- Some food manufacturers create products to increase the number of times you eat per day. Most of this high-calorie, nutritionally void foods propel you into an all-day snacking frenzy. Food companies design their packaging so that the consumer no longer needs to “unwrap” anything. You reach in and throw back handfuls—all day long. (increases convenience so that you eat more)
- A particular Krafty food company advertises their cute prepackaged lunchbox meals during cartoon time on Saturday mornings. The same company now targets the teen demographic with its Uploaded line of the processed food.
- The kingpin of the soda world markets its highly addictive beverage to low-income areas in the United States and developing countries. Former president/Chief Operating Officer for Coca-Cola in North and South America admits “These people need a lot of things, but they don’t need a Coke.”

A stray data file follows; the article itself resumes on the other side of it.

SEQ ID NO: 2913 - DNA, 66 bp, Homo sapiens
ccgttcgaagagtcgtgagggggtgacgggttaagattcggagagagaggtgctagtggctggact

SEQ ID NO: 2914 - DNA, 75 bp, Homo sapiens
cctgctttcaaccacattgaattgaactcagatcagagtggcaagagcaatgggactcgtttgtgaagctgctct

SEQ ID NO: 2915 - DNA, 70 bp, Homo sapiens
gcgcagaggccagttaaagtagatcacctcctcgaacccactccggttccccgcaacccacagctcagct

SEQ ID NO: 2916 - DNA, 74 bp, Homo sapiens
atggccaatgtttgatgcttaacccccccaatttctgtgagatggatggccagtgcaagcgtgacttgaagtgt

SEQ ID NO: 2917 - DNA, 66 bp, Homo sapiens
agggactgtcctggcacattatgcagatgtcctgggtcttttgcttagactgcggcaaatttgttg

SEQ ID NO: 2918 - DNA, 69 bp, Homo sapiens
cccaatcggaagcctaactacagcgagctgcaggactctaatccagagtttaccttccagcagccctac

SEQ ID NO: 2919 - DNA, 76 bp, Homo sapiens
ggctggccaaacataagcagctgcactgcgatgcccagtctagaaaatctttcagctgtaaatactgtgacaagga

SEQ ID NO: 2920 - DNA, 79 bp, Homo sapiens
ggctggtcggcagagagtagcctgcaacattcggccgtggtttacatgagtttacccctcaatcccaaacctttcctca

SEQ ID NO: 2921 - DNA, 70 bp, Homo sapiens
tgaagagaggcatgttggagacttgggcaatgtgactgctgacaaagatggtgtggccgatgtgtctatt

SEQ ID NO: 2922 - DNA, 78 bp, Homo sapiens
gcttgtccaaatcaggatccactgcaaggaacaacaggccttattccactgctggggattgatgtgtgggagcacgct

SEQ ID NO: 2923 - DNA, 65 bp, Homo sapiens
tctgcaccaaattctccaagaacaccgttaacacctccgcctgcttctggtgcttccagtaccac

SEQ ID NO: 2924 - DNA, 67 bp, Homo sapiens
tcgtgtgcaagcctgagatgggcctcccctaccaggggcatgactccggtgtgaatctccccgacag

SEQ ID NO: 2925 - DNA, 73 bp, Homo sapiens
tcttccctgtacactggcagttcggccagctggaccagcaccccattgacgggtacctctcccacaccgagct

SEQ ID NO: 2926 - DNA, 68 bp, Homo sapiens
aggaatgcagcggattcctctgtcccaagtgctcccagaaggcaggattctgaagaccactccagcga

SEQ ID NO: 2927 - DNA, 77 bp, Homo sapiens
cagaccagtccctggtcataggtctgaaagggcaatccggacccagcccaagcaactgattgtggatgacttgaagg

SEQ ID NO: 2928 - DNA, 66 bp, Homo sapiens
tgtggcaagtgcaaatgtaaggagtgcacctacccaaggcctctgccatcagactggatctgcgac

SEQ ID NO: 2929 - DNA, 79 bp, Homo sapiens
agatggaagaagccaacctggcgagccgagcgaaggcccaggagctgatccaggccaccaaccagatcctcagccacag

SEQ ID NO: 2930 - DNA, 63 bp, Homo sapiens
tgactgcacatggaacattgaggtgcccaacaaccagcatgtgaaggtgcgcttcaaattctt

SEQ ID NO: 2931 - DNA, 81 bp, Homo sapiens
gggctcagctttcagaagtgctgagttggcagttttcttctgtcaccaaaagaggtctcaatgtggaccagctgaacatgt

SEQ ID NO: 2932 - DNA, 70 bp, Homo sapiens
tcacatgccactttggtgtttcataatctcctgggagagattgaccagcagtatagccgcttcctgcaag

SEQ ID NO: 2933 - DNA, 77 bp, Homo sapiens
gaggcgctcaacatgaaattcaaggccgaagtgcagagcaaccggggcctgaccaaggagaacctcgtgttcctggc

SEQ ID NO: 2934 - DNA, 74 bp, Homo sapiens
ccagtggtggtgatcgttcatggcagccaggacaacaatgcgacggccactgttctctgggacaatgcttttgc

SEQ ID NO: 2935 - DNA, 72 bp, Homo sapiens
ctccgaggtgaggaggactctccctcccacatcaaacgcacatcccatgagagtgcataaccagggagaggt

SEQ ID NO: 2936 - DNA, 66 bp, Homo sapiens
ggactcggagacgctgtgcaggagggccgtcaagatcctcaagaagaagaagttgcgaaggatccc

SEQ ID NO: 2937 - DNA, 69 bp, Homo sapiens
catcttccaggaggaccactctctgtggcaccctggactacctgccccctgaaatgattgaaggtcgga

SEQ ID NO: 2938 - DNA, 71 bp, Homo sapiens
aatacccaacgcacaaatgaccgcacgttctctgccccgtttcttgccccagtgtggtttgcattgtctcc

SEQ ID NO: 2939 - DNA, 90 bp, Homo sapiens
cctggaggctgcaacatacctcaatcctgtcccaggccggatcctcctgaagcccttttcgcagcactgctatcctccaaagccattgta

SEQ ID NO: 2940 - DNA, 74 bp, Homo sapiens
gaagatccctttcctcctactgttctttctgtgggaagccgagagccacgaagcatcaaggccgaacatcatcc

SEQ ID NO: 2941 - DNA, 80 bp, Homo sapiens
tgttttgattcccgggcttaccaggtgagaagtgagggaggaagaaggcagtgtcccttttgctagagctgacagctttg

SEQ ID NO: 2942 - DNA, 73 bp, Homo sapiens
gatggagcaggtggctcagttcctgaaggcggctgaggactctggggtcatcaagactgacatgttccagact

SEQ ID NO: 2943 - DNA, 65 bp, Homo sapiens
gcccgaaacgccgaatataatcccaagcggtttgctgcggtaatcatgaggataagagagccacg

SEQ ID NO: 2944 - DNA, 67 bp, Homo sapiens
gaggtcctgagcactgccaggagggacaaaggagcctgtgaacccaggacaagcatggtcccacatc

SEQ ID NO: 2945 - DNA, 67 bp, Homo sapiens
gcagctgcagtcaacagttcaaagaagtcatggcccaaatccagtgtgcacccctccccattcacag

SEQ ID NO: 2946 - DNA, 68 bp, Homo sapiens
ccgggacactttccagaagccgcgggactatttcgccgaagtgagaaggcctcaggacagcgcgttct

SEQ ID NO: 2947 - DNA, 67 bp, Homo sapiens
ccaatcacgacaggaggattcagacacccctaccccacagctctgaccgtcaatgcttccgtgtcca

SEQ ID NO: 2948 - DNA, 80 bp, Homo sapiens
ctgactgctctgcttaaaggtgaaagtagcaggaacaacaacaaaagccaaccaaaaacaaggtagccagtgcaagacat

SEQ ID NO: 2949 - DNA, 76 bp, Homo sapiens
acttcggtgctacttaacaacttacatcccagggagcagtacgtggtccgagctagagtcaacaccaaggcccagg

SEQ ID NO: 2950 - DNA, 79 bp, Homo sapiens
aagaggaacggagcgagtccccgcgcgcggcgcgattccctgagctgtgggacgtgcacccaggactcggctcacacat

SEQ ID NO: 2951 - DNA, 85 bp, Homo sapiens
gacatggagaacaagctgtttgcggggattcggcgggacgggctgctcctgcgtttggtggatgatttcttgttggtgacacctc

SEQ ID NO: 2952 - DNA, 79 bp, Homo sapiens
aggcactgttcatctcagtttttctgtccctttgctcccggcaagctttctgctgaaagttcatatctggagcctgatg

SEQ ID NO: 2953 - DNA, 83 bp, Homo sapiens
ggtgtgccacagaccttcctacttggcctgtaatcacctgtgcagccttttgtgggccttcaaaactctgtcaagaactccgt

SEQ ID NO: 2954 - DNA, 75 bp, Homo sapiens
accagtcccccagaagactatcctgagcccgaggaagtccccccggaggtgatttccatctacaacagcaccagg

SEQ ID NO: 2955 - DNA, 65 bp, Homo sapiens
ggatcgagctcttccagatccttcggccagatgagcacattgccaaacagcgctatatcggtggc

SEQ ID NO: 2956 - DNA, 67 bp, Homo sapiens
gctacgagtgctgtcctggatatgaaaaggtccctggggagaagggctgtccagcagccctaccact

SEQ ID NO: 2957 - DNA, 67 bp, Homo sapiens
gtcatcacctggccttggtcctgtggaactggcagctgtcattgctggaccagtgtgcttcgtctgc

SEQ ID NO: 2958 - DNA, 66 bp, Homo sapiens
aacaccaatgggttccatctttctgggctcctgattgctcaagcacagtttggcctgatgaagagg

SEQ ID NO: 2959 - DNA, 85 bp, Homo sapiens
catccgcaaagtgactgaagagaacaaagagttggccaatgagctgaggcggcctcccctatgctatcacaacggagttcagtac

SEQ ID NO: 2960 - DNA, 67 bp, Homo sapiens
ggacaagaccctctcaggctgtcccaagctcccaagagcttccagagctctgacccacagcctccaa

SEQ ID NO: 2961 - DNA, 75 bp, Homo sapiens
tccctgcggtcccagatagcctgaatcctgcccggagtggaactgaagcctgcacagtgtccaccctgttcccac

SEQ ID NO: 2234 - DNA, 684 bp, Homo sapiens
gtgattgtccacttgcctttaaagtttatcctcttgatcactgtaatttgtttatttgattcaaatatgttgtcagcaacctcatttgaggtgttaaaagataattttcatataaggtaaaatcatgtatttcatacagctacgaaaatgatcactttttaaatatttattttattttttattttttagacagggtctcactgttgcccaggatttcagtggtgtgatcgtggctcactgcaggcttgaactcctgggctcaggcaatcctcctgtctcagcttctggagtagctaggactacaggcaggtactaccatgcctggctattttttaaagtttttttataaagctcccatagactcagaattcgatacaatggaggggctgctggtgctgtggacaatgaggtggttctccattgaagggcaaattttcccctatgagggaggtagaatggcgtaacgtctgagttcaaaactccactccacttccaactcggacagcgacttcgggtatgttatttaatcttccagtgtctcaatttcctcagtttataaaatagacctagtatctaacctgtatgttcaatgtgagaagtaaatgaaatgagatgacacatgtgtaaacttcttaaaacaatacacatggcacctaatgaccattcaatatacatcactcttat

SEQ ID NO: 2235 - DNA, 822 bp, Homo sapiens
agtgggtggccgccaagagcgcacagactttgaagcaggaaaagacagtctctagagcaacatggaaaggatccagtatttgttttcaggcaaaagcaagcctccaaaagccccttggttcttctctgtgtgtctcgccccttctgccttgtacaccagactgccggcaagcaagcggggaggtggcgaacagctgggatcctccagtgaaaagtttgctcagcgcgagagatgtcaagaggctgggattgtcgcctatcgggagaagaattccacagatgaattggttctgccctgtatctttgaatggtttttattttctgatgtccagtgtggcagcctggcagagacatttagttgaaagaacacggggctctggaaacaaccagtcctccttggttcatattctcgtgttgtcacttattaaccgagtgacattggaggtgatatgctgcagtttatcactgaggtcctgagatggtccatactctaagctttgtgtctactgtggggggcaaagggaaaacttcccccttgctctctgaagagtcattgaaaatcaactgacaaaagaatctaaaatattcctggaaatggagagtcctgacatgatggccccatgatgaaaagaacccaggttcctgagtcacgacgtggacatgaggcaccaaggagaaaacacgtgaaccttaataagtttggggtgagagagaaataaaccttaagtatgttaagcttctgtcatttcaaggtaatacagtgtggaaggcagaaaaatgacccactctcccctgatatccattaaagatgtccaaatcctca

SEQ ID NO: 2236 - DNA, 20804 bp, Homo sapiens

Eat Responsibly and Mindfully
Food companies do not voluntarily disclose that its product contains ingredients linked to heart disease, obesity, high blood pressure, infertility, and a host of other medical conditions. Before stocking your pantry or filling your refrigerator with foods that contain suspicious ingredients, consider applying the same measure of safety with your diet that you do in other areas of your life.
We theft-proof our homes with door and window alarms, deadbolts, and motion detectors. We neglect, however, to protect our bodies as vigilantly as we do our homes. Every time we fill our pantries and refrigerators with foods that compromise and sabotage our health, we passively invite an intruder into our homes.
Buying Cheap Food Guarantees Expensive Health Care Later
Quite often, I come across posts on social media that feature the motherload of “grocery store scores” which are usually a cartful of processed foods. Yes, food companies play a significant role in producing cheap food. So cheaply, that obesity is America’s most pressing health condition.